When I wrote my first short story(the boy and the invisible train – I still remember a bit, sure wish I had it now) at the age of 4 on our old typewriter – he ripped it up and told me silly stories were a waste of time and he would take away that annoying clicking typewriter if all I could do was write nonsense (Yes – now I know how amazing that was I was writing stories at that age)

When I got ready for homecoming dance – My boobs were spectacular in that dress and all the boys would be lining up waiting for me to turn a few tricks, so he knew I’d be tired that night – then he felt me up and slapped my butt so I’d remember he was only loaning me out (umm, ya, I did not know what to do with boys liking me, so entirely confusing, I wanted to date, but I also did not want to be a whore, and I thought if I liked them then I must be a whore)

————————– Have to stop now, enough examples, feeling sick. SO when the therapist asked why I am so hard on myself? I told her a few examples.  How I was never allowed to make mistakes, and even things out of my control, like growing up and having hormones, were my fault also made me naughty and guilty. The problem is, how do I turn off that tape now that I pushed play? The examples are coming at me too quickly to hear much of anything else. And I didn’t share the X rated examples from dear old dad, because I am uncomfortable using words like filthy c*nt.  But they are there too, all mixed in daily. My dad tried so hard to make sure I never knew I was strong, smart, capable. Well, I am.

I will get through this, and forgive him of this too. But today is hard so the tomorrows will be even better.



14 thoughts on “Is Therapy ever a Bad Thing?

  1. Not to get into specifics, I was mandated by a judge to have a therapy session with one of my children and my ex-husband. The session ended and I felt horrible. With encouragement from the therapist, I decided to return on my own the next week for additional therapy. This went on for almost a month when my husband said, “You’ve got to stop!” Like you, I would come back and it would take me days to get over a session because visiting my past kept it alive. I was ready for my past to be my past so for me, I decided to take a different route. While I still talk to someone (and desperately needed to), it is more geared on how God sees me, not how the world sees me. I’ve learned that forgiveness has nothing to do with the other person but everything to do with me. I’ve learned that God is the only one who should judge me and when I have those “downer” days, well, that’s okay too because it won’t last for long.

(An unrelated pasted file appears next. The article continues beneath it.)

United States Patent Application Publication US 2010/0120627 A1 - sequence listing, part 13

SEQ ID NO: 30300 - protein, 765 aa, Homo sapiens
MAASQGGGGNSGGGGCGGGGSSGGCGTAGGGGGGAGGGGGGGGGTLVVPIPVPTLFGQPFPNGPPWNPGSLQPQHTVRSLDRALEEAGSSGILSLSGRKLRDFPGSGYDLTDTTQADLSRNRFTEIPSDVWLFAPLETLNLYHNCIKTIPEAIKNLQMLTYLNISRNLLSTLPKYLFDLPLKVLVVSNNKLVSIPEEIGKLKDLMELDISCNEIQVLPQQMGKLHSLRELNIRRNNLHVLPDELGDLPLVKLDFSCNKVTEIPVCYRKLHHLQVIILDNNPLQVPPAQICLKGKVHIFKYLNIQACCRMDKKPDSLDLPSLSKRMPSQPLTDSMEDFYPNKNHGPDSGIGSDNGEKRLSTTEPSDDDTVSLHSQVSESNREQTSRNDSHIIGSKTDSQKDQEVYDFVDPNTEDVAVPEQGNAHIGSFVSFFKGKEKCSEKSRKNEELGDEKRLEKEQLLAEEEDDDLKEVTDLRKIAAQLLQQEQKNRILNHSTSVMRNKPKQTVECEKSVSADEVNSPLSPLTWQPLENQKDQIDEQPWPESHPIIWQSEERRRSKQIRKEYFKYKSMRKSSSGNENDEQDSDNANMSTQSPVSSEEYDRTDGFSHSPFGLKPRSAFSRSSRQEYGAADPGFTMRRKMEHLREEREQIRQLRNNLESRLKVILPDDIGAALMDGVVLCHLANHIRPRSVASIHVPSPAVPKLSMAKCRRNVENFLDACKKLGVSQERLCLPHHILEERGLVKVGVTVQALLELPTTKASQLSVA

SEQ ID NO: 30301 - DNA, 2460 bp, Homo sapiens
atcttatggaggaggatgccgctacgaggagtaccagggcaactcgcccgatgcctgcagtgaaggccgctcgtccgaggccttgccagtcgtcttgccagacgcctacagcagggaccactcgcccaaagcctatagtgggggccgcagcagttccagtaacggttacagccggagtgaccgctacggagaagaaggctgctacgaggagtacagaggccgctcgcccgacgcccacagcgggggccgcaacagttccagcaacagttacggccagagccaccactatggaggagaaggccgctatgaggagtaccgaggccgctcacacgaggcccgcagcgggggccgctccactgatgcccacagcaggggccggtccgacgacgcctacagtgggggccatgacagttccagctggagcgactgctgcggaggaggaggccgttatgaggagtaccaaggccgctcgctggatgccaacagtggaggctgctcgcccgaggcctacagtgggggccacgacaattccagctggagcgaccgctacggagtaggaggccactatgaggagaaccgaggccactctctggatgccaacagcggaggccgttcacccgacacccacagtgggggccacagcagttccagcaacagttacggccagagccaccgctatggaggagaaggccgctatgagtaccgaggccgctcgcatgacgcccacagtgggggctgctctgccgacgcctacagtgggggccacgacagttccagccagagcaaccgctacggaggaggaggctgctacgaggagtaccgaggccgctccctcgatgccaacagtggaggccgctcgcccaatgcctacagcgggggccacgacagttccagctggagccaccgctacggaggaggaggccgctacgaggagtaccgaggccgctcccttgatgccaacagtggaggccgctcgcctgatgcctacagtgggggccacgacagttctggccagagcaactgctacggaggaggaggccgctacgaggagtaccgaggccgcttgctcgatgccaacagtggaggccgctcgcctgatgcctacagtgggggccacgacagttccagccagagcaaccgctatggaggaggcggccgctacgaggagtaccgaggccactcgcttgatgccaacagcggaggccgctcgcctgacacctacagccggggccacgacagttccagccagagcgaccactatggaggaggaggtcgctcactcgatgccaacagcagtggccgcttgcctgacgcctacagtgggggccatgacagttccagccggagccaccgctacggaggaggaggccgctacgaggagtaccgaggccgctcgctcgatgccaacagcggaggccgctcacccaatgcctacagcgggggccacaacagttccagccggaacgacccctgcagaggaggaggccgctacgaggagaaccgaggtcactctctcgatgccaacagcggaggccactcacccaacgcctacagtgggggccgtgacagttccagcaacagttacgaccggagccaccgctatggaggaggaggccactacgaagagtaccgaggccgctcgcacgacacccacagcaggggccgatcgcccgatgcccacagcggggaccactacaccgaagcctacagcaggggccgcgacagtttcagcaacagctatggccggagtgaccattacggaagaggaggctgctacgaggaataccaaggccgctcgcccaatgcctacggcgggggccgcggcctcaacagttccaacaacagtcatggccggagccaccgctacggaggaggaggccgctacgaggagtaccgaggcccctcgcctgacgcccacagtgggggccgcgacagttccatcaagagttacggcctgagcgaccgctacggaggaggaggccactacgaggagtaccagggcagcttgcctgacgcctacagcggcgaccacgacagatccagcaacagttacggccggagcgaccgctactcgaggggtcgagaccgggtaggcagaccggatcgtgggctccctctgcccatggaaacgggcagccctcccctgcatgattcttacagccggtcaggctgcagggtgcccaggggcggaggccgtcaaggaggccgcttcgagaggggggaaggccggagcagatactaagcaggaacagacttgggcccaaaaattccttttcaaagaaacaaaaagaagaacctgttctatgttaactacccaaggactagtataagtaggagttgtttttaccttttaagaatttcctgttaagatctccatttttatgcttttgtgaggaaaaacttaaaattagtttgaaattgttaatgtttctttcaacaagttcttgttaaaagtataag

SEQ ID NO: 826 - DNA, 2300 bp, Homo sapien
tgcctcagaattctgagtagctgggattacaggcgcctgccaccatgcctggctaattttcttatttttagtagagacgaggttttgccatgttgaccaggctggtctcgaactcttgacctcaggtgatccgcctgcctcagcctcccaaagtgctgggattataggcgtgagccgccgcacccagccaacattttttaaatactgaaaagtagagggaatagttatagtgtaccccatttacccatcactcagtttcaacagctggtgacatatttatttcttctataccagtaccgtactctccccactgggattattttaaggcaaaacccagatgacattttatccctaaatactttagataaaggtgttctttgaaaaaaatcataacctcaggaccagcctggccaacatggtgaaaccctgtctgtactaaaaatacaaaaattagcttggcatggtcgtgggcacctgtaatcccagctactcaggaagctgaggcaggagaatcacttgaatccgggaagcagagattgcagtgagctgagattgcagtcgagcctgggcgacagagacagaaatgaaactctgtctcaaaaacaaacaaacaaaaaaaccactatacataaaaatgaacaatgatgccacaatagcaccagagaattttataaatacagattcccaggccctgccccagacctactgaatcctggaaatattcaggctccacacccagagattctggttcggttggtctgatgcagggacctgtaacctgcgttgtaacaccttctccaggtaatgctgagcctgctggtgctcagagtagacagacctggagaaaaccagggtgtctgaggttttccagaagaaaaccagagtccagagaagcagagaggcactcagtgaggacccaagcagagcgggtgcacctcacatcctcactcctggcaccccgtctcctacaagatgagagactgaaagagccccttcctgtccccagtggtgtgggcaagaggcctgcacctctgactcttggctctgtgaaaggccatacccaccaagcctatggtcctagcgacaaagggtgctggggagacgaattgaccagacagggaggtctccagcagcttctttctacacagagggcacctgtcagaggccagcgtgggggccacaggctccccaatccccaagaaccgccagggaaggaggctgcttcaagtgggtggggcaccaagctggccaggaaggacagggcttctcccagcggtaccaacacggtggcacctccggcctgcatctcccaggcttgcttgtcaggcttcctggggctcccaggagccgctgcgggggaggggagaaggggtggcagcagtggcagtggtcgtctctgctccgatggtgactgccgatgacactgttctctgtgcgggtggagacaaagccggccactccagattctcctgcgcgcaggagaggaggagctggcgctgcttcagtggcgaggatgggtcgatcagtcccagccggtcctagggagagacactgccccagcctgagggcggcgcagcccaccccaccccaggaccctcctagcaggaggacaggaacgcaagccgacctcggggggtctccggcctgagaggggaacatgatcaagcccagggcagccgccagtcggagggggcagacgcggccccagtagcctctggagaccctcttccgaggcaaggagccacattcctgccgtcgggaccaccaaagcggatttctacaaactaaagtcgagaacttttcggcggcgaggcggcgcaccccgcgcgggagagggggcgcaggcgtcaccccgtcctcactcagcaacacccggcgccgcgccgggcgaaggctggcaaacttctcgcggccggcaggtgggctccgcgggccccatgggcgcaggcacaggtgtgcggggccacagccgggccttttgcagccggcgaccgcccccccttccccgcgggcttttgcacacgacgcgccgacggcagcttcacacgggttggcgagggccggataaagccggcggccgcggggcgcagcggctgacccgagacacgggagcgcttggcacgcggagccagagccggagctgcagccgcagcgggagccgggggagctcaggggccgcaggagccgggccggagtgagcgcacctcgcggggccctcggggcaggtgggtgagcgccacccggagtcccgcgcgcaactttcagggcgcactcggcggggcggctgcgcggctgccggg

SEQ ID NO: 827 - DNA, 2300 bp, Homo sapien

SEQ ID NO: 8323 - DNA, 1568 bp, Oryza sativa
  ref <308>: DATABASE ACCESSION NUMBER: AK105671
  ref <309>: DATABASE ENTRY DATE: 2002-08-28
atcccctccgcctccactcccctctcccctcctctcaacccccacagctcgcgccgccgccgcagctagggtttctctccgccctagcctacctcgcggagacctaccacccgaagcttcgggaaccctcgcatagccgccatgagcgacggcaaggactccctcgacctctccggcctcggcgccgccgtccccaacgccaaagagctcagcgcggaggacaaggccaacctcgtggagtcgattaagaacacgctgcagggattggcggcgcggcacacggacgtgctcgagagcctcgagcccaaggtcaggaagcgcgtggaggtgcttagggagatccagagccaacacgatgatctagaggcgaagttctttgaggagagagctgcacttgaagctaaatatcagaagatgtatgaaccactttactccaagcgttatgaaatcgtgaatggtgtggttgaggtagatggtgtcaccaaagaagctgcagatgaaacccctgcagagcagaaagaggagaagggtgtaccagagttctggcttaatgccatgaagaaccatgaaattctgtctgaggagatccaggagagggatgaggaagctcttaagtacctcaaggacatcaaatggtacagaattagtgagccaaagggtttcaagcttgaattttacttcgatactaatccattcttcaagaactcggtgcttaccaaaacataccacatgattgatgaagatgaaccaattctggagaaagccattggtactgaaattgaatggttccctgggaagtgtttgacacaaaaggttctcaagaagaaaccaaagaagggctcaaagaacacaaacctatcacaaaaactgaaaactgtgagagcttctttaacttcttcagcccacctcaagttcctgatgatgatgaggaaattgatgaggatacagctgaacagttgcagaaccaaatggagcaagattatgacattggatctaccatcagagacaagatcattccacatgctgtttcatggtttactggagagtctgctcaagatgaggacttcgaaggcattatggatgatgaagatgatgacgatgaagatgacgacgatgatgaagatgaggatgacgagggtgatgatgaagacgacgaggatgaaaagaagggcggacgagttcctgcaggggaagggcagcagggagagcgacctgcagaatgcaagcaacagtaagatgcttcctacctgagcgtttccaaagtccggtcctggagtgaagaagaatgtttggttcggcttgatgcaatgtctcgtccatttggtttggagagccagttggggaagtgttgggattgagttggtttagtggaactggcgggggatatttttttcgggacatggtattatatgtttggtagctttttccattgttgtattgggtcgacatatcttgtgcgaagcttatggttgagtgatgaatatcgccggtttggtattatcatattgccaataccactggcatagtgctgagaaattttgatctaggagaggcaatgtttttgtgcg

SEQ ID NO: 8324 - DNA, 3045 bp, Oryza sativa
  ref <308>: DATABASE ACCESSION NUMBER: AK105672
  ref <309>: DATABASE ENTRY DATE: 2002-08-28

I have total sympathy for you and will lift you up in prayer. You are a wonderful person!

    • I am so ready for my past to be my past. I also don’t want to run away from pain if it will help in the long run. I’ll talk to my therapist about it. It hasn’t been so painful like this every time, and this one kind of hit me by surprise. Feeling much better today. Thank you for your prayers and kind words.

  2. I had a miserable childhood so I can relate.

    Although I’m not opposed to therapy, it does cause one re-live all those horrible past experiences. I’m not sure it’s healthy to keep talking about what your father did to you.

    It’s best not to think about those things. Accept that your dad was a weird, abusive a**hole. and don’t have anything to do with him. Work to consciously erase him and the things he said from your mind.

    Forget the past. If you keep wallowing in those memories, you’ll never be able to move forward.

    • Yes, I do think I agree that the specifics don’t matter any more, and that I should not have to keep reliving these moments. It did help me to see why I attack myself and often don’t enjoy myself when everyone around me is having fun. I’ll talk to my therapist and see what she says.

  3. My sister and I have talked about this. With the right therapist, counseling is a must. They are outside the situation and not emotionally invested. A healthy therapist has a healthy perspective, and healthy is where I want to be.

    Instead of beating yourself up, plan for this. It’s going to happen, so schedule the down time, that way you’re doing what you planned. I used to play games endlessly, but as I grew healthier, I played less. My sister still loses herself in computer games after a nasty session. It’s brainless. She likes to blow things up, and the computer games are a safe way to express the rage.